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General Crossword Questions for “gall”

  • Irritate - presumption
  • Impudence
  • Effrontery
  • Bitterness


  • Her father was lyricist Robert Gall, and her mother, Cécile Berthier, was the daughter of Gainsbourg's "N'écoute pas les idoles" ("Don't listen to the idols") became Gall's second single; it reached the top of the French charts in. — “France Gall - Wikipedia, the free encyclopedia”,
  • Kalanchoë infected with crown gall using Agrobacterium tumefaciens. Plant galls are often highly organised structures and because of this the cause of the gall can often be determined without the actual agent. — “Gall - Wikipedia, the free encyclopedia”,
  • Gall was born in Baden, in the village of Tiefenbronn to a wealthy Roman Catholic wool The Galls had been the leading family in the area for over a century. — “Franz Joseph Gall - Wikipedia, the free encyclopedia”,


  • Thou shalt prove How salt the savour is of other's bread, How hard the passage to descend and climb By other's stairs, But that shall gall thee most Will be the worthless and vile company, With whom thou must be thrown into these straits. — “The Divine Comedy” by Dante Alighieri
  • I wonder not that the restraint appears to gall you–more it were for your honour to have retained the dress and language of an outlaw, than to veil the deeds of one under an affectation of gentle language and demeanour." — “Ivanhoe” by Sir Walter Scott
  • But the seers sacrificed the sheep, and scrutinized the shooting of the flames, and the bursting of the gall , the moisture adverse[42] to the fire , and the extremity of the flame, which bears a two-fold import, both the sign of victory,[43] and the sign of being defeated.[44] But if thou hast any power, or words of wisdom, or the soothing charms of incantation, go, stay thy children from the fearful combat, since great the danger, [and dreadful will be the sequel of the contest, namely , tears for thee, deprived this day of thy two children.]... — “Medea” by Euripides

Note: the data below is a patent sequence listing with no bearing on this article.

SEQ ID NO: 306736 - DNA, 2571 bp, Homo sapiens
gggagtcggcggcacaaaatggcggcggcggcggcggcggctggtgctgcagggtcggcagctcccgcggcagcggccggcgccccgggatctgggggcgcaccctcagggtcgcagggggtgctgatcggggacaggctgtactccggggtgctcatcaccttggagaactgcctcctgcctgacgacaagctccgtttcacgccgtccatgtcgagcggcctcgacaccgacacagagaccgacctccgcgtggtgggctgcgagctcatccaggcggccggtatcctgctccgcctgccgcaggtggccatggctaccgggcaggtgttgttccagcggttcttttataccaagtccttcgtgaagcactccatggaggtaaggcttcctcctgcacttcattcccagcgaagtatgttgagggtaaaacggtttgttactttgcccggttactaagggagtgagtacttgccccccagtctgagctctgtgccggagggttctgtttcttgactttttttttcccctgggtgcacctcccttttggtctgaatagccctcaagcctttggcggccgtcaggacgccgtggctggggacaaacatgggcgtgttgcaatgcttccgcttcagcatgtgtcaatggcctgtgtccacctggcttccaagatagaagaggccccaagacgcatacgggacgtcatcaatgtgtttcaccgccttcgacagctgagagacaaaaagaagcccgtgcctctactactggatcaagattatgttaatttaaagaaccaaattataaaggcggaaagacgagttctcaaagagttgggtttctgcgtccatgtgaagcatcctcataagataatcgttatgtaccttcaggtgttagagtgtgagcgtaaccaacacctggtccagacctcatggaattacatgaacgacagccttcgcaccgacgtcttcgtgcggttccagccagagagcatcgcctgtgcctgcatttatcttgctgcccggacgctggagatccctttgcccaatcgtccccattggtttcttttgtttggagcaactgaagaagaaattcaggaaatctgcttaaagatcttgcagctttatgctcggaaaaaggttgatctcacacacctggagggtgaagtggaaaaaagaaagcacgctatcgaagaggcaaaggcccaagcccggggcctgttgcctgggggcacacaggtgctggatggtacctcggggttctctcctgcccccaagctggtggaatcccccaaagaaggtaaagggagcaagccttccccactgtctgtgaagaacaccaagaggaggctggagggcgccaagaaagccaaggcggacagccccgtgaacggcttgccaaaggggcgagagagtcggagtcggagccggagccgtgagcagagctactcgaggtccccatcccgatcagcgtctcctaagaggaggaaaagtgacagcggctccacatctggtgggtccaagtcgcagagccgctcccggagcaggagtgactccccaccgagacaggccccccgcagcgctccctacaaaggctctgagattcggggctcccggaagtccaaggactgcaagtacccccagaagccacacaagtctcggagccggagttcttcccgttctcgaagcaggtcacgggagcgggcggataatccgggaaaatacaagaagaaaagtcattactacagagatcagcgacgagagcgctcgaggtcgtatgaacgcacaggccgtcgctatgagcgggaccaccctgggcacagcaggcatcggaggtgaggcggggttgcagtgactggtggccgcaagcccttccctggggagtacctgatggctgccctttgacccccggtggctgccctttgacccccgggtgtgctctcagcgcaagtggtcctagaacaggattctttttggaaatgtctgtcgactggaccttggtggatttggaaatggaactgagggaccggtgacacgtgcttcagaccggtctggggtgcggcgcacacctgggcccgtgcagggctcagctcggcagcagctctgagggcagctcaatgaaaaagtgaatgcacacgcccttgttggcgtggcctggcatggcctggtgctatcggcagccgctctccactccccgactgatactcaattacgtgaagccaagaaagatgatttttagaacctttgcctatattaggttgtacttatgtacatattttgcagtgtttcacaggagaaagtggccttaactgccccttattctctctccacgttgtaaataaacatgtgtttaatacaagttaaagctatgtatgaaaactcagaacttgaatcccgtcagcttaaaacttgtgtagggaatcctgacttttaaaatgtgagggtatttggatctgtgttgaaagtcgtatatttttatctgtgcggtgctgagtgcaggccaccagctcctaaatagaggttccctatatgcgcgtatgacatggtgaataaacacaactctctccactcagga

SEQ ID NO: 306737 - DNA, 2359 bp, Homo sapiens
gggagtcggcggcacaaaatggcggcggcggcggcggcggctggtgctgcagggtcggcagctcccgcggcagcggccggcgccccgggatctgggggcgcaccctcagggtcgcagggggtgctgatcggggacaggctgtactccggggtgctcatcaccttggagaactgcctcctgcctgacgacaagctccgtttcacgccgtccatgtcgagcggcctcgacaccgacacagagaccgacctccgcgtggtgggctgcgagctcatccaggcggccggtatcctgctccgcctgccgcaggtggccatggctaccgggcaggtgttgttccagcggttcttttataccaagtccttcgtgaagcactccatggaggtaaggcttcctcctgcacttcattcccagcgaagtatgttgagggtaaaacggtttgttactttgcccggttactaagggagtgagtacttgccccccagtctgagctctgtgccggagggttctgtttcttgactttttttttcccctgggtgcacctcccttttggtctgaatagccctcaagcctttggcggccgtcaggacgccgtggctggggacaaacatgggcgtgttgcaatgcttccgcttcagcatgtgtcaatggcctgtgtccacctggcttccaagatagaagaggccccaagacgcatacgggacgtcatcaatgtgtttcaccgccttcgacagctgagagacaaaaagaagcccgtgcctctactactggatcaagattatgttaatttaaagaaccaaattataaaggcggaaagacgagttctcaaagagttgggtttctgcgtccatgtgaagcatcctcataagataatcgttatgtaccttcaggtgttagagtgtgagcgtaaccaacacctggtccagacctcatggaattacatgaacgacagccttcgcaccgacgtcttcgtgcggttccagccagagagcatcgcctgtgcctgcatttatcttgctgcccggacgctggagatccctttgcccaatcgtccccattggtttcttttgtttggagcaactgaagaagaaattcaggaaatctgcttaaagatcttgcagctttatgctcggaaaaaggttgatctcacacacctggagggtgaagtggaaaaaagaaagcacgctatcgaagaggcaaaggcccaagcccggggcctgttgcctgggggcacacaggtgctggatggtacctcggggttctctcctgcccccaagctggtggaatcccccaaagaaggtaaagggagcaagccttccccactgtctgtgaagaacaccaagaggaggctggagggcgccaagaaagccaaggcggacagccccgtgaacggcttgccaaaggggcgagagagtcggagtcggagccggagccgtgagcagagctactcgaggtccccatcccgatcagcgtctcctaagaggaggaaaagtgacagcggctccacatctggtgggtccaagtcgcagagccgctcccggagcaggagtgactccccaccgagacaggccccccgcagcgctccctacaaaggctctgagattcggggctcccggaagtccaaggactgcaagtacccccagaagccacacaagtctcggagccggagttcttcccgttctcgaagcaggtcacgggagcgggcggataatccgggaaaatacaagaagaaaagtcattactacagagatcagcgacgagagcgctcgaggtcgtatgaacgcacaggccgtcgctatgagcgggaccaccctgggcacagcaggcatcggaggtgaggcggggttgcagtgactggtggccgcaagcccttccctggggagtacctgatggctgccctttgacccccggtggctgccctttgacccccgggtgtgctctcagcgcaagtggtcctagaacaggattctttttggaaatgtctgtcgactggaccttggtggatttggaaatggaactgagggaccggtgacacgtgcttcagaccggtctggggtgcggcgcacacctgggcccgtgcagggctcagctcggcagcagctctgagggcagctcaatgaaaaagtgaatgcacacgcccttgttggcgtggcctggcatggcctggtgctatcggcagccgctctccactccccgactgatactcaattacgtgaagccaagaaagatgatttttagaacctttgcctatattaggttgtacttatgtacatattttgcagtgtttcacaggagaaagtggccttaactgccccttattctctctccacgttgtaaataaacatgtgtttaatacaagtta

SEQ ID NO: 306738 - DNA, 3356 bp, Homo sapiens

• All she had to do now was to adjust herself, so that the spikes of that unwilling penance which conscience imposed should not gall her. — “Daniel Deronda” by George Eliot
  • His was one of the natures in which conscience gets the more active when the yoke of life ceases to gall them. He made no display of humility on the subject, but in his heart he felt rather ashamed that his conduct had shown laches which others who did not get benefices were free from. — “Middlemarch” by George Eliot
  • Exhausted by emotion, my language was more subdued than it generally was when it developed that sad theme; and mindful of Helen's warnings against the indulgence of resentment, I infused into the narrative far less of gall and wormwood than ordinary. — “Jane Eyre” by Charlotte Bronte


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